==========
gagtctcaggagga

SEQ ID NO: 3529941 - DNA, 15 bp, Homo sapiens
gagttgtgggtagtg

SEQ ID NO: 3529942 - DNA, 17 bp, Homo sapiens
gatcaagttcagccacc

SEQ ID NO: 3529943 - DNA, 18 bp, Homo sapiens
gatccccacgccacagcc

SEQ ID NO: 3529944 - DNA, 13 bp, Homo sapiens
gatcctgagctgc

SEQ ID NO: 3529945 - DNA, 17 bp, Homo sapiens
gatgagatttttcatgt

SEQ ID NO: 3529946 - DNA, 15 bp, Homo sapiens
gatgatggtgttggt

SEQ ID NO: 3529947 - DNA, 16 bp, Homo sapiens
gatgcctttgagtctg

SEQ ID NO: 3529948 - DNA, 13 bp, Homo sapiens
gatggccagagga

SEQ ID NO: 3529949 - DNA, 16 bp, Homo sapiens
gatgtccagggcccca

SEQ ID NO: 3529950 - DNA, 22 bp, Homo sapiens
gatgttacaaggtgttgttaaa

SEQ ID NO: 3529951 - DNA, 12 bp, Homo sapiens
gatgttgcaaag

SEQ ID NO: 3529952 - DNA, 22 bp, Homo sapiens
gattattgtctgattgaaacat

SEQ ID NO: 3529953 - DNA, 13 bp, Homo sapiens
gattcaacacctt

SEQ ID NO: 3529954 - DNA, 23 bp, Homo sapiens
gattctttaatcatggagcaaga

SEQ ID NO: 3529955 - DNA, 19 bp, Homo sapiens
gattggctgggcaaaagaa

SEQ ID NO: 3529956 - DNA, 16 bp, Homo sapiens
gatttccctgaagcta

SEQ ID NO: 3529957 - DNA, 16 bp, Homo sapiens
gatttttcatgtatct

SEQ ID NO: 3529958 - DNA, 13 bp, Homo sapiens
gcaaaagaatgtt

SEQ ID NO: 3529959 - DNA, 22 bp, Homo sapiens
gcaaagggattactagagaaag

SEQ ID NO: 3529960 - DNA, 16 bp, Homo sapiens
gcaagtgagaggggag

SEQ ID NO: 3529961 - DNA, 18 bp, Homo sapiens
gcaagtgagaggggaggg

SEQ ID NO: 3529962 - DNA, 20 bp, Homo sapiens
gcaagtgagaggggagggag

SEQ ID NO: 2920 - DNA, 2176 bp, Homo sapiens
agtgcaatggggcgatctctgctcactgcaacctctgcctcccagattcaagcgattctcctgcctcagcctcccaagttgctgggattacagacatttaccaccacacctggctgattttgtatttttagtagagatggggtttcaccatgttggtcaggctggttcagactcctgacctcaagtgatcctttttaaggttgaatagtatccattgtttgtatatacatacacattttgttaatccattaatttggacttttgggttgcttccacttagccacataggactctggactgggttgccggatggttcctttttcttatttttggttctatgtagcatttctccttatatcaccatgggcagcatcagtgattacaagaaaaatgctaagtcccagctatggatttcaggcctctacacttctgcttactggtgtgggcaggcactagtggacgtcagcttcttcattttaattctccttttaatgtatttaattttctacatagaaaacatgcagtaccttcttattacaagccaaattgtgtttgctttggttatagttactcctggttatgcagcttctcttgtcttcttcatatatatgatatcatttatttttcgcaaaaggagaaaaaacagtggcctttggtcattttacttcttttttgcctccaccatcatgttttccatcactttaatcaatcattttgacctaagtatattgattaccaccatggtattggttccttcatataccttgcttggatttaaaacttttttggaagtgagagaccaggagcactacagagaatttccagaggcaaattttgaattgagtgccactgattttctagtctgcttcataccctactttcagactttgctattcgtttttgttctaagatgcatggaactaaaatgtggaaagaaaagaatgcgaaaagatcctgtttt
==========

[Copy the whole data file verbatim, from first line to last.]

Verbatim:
gagtctcaggagga

SEQ ID NO: 3529941 - DNA, 15 bp, Homo sapiens
gagttgtgggtagtg

SEQ ID NO: 3529942 - DNA, 17 bp, Homo sapiens
gatcaagttcagccacc

SEQ ID NO: 3529943 - DNA, 18 bp, Homo sapiens
gatccccacgccacagcc

SEQ ID NO: 3529944 - DNA, 13 bp, Homo sapiens
gatcctgagctgc

SEQ ID NO: 3529945 - DNA, 17 bp, Homo sapiens
gatgagatttttcatgt

SEQ ID NO: 3529946 - DNA, 15 bp, Homo sapiens
gatgatggtgttggt

SEQ ID NO: 3529947 - DNA, 16 bp, Homo sapiens
gatgcctttgagtctg

SEQ ID NO: 3529948 - DNA, 13 bp, Homo sapiens
gatggccagagga

SEQ ID NO: 3529949 - DNA, 16 bp, Homo sapiens
gatgtccagggcccca

SEQ ID NO: 3529950 - DNA, 22 bp, Homo sapiens
gatgttacaaggtgttgttaaa

SEQ ID NO: 3529951 - DNA, 12 bp, Homo sapiens
gatgttgcaaag

SEQ ID NO: 3529952 - DNA, 22 bp, Homo sapiens
gattattgtctgattgaaacat

SEQ ID NO: 3529953 - DNA, 13 bp, Homo sapiens
gattcaacacctt

SEQ ID NO: 3529954 - DNA, 23 bp, Homo sapiens
gattctttaatcatggagcaaga

SEQ ID NO: 3529955 - DNA, 19 bp, Homo sapiens
gattggctgggcaaaagaa

SEQ ID NO: 3529956 - DNA, 16 bp, Homo sapiens
gatttccctgaagcta

SEQ ID NO: 3529957 - DNA, 16 bp, Homo sapiens
gatttttcatgtatct

SEQ ID NO: 3529958 - DNA, 13 bp, Homo sapiens
gcaaaagaatgtt

SEQ ID NO: 3529959 - DNA, 22 bp, Homo sapiens
gcaaagggattactagagaaag

SEQ ID NO: 3529960 - DNA, 16 bp, Homo sapiens
gcaagtgagaggggag

SEQ ID NO: 3529961 - DNA, 18 bp, Homo sapiens
gcaagtgagaggggaggg

SEQ ID NO: 3529962 - DNA, 20 bp, Homo sapiens
gcaagtgagaggggagggag

SEQ ID NO: 2920 - DNA, 2176 bp, Homo sapiens
agtgcaatggggcgatctctgctcactgcaacctctgcctcccagattcaagcgattctcctgcctcagcctcccaagttgctgggattacagacatttaccaccacacctggctgattttgtatttttagtagagatggggtttcaccatgttggtcaggctggttcagactcctgacctcaagtgatcctttttaaggttgaatagtatccattgtttgtatatacatacacattttgttaatccattaatttggacttttgggttgcttccacttagccacataggactctggactgggttgccggatggttcctttttcttatttttggttctatgtagcatttctccttatatcaccatgggcagcatcagtgattacaagaaaaatgctaagtcccagctatggatttcaggcctctacacttctgcttactggtgtgggcaggcactagtggacgtcagcttcttcattttaattctccttttaatgtatttaattttctacatagaaaacatgcagtaccttcttattacaagccaaattgtgtttgctttggttatagttactcctggttatgcagcttctcttgtcttcttcatatatatgatatcatttatttttcgcaaaaggagaaaaaacagtggcctttggtcattttacttcttttttgcctccaccatcatgttttccatcactttaatcaatcattttgacctaagtatattgattaccaccatggtattggttccttcatataccttgcttggatttaaaacttttttggaagtgagagaccaggagcactacagagaatttccagaggcaaattttgaattgagtgccactgattttctagtctgcttcataccctactttcagactttgctattcgtttttgttctaagatgcatggaactaaaatgtggaaagaaaagaatgcgaaaagatcctgtttt